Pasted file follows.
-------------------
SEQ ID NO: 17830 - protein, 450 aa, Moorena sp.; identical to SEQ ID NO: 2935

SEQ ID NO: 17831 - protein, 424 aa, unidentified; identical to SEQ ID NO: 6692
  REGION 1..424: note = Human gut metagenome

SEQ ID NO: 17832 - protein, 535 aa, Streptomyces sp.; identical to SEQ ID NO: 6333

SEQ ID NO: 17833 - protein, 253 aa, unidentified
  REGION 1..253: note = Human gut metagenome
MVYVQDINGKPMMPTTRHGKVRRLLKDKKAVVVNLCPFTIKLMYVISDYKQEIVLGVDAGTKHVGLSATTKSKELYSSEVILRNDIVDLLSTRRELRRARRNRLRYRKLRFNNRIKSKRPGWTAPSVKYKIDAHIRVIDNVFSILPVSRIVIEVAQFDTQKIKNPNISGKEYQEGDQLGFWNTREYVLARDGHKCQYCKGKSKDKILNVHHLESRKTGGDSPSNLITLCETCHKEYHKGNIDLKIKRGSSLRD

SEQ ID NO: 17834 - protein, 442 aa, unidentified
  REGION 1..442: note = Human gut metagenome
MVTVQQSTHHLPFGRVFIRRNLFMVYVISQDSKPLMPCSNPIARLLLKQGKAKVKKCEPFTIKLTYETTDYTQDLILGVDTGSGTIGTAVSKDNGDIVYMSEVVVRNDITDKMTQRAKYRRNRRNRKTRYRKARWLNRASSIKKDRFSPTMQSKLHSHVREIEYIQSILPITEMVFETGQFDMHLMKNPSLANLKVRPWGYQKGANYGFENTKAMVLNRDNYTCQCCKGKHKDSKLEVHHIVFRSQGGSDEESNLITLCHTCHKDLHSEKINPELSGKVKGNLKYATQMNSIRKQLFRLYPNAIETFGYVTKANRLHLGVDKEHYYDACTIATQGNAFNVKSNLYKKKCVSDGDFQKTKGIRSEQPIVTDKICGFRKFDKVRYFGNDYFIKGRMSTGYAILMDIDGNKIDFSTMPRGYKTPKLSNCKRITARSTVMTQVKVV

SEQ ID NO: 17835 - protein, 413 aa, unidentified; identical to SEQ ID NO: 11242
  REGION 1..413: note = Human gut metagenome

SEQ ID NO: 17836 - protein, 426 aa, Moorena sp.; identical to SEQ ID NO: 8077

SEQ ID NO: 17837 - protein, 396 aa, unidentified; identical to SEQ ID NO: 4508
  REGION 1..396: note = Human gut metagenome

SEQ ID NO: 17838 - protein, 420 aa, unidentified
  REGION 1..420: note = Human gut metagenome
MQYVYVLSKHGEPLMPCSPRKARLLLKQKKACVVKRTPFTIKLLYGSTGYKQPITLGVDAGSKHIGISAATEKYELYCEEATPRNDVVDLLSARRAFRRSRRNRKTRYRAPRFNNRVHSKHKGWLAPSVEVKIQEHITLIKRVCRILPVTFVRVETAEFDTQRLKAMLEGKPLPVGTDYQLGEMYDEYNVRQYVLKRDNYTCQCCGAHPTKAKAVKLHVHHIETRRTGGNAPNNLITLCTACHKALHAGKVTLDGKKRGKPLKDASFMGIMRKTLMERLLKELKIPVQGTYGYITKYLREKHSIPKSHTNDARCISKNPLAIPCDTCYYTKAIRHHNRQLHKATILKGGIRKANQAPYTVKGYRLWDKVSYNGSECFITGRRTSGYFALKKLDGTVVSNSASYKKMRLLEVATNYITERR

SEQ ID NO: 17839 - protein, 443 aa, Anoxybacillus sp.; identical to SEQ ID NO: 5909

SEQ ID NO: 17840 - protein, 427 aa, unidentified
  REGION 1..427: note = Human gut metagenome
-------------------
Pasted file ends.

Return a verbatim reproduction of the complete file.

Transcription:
SEQ ID NO: 17830 - protein, 450 aa, Moorena sp.; identical to SEQ ID NO: 2935

SEQ ID NO: 17831 - protein, 424 aa, unidentified; identical to SEQ ID NO: 6692
  REGION 1..424: note = Human gut metagenome

SEQ ID NO: 17832 - protein, 535 aa, Streptomyces sp.; identical to SEQ ID NO: 6333

SEQ ID NO: 17833 - protein, 253 aa, unidentified
  REGION 1..253: note = Human gut metagenome
MVYVQDINGKPMMPTTRHGKVRRLLKDKKAVVVNLCPFTIKLMYVISDYKQEIVLGVDAGTKHVGLSATTKSKELYSSEVILRNDIVDLLSTRRELRRARRNRLRYRKLRFNNRIKSKRPGWTAPSVKYKIDAHIRVIDNVFSILPVSRIVIEVAQFDTQKIKNPNISGKEYQEGDQLGFWNTREYVLARDGHKCQYCKGKSKDKILNVHHLESRKTGGDSPSNLITLCETCHKEYHKGNIDLKIKRGSSLRD

SEQ ID NO: 17834 - protein, 442 aa, unidentified
  REGION 1..442: note = Human gut metagenome
MVTVQQSTHHLPFGRVFIRRNLFMVYVISQDSKPLMPCSNPIARLLLKQGKAKVKKCEPFTIKLTYETTDYTQDLILGVDTGSGTIGTAVSKDNGDIVYMSEVVVRNDITDKMTQRAKYRRNRRNRKTRYRKARWLNRASSIKKDRFSPTMQSKLHSHVREIEYIQSILPITEMVFETGQFDMHLMKNPSLANLKVRPWGYQKGANYGFENTKAMVLNRDNYTCQCCKGKHKDSKLEVHHIVFRSQGGSDEESNLITLCHTCHKDLHSEKINPELSGKVKGNLKYATQMNSIRKQLFRLYPNAIETFGYVTKANRLHLGVDKEHYYDACTIATQGNAFNVKSNLYKKKCVSDGDFQKTKGIRSEQPIVTDKICGFRKFDKVRYFGNDYFIKGRMSTGYAILMDIDGNKIDFSTMPRGYKTPKLSNCKRITARSTVMTQVKVV

SEQ ID NO: 17835 - protein, 413 aa, unidentified; identical to SEQ ID NO: 11242
  REGION 1..413: note = Human gut metagenome

SEQ ID NO: 17836 - protein, 426 aa, Moorena sp.; identical to SEQ ID NO: 8077

SEQ ID NO: 17837 - protein, 396 aa, unidentified; identical to SEQ ID NO: 4508
  REGION 1..396: note = Human gut metagenome

SEQ ID NO: 17838 - protein, 420 aa, unidentified
  REGION 1..420: note = Human gut metagenome
MQYVYVLSKHGEPLMPCSPRKARLLLKQKKACVVKRTPFTIKLLYGSTGYKQPITLGVDAGSKHIGISAATEKYELYCEEATPRNDVVDLLSARRAFRRSRRNRKTRYRAPRFNNRVHSKHKGWLAPSVEVKIQEHITLIKRVCRILPVTFVRVETAEFDTQRLKAMLEGKPLPVGTDYQLGEMYDEYNVRQYVLKRDNYTCQCCGAHPTKAKAVKLHVHHIETRRTGGNAPNNLITLCTACHKALHAGKVTLDGKKRGKPLKDASFMGIMRKTLMERLLKELKIPVQGTYGYITKYLREKHSIPKSHTNDARCISKNPLAIPCDTCYYTKAIRHHNRQLHKATILKGGIRKANQAPYTVKGYRLWDKVSYNGSECFITGRRTSGYFALKKLDGTVVSNSASYKKMRLLEVATNYITERR

SEQ ID NO: 17839 - protein, 443 aa, Anoxybacillus sp.; identical to SEQ ID NO: 5909

SEQ ID NO: 17840 - protein, 427 aa, unidentified
  REGION 1..427: note = Human gut metagenome